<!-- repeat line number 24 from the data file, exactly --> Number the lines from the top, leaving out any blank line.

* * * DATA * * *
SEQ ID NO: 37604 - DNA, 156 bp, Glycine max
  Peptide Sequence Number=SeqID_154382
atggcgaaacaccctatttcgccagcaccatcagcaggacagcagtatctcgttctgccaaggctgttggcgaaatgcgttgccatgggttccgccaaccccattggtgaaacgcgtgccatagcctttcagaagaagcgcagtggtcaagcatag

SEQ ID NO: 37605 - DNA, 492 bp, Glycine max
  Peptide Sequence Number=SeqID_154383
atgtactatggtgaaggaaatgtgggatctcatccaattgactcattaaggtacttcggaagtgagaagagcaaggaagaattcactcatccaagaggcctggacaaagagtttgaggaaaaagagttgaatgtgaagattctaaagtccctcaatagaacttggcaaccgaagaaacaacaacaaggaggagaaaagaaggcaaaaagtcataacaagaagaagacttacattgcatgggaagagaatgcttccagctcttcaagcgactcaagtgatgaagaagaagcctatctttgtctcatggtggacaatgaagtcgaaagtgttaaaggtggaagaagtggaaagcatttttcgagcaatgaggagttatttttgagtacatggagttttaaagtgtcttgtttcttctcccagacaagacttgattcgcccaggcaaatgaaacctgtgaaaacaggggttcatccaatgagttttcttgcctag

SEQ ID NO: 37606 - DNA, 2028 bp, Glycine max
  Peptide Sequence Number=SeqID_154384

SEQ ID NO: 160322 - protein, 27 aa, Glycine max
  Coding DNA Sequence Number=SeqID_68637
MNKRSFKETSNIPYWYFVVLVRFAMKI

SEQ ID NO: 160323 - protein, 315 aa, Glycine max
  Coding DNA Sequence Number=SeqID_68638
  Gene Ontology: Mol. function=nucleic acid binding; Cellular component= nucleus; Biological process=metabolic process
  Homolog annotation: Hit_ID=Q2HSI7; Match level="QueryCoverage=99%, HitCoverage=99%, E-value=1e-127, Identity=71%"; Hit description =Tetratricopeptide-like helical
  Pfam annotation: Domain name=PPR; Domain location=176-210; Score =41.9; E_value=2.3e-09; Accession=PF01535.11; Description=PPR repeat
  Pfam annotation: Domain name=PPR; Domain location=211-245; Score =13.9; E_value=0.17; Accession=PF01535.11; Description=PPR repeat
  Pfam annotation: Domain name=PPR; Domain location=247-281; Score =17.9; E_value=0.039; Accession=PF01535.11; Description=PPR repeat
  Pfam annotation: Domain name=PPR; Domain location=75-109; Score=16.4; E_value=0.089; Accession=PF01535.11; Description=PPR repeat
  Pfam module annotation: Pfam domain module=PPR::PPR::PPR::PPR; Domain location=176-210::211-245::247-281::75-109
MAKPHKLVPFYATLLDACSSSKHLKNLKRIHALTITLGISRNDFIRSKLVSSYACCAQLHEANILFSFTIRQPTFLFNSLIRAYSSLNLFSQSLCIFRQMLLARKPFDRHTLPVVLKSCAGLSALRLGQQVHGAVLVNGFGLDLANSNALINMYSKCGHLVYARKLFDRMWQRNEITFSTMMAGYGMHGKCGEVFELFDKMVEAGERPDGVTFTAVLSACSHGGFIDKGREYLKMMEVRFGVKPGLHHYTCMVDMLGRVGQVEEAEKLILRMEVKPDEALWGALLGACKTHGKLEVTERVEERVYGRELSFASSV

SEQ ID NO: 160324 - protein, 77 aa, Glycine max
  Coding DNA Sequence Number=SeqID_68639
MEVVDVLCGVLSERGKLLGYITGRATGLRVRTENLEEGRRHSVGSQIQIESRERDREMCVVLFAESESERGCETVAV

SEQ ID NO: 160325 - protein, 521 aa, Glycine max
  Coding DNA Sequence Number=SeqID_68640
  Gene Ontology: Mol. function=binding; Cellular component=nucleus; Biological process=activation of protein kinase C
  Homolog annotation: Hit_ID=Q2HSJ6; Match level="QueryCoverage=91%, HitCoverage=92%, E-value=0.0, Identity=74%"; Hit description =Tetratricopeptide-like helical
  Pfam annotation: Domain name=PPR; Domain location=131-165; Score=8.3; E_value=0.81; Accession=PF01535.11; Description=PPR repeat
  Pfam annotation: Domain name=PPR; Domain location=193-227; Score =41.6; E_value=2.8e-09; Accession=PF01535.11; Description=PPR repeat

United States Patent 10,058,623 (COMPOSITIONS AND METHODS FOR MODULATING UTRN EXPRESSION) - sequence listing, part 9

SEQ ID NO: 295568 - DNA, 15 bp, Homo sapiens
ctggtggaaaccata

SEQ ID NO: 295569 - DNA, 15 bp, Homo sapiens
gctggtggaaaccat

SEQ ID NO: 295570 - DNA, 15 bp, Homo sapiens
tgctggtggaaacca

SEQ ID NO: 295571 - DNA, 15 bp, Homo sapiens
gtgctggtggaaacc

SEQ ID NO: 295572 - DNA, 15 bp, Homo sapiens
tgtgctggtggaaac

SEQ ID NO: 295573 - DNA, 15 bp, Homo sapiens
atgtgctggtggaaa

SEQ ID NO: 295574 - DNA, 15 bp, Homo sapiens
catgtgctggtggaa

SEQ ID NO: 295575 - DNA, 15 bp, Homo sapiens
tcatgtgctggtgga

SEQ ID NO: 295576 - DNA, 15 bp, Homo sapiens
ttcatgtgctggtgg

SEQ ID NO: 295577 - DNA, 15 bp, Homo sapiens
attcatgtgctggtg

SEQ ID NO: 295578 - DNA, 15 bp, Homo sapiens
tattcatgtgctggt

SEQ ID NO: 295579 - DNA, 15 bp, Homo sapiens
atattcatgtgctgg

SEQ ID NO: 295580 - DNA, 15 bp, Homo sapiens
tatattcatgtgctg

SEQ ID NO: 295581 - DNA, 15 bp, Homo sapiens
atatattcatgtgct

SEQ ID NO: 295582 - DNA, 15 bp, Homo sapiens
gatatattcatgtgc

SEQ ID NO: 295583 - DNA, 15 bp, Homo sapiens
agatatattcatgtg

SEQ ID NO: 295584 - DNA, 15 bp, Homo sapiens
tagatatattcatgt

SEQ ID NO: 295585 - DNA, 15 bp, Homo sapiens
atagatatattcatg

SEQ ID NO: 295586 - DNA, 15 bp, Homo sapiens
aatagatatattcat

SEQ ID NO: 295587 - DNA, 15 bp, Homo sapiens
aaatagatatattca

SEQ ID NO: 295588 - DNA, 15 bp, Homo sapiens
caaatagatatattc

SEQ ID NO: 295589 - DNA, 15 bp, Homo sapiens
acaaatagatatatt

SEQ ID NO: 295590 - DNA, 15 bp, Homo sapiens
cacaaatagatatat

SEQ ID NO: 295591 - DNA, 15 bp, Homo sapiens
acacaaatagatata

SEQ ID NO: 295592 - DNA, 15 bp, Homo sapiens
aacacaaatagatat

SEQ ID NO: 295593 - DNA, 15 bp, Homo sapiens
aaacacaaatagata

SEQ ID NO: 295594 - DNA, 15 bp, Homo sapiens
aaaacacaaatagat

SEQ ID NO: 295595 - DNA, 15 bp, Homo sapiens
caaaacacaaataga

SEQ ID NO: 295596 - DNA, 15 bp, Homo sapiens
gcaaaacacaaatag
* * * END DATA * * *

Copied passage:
MEVVDVLCGVLSERGKLLGYITGRATGLRVRTENLEEGRRHSVGSQIQIESRERDREMCVVLFAESESERGCETVAV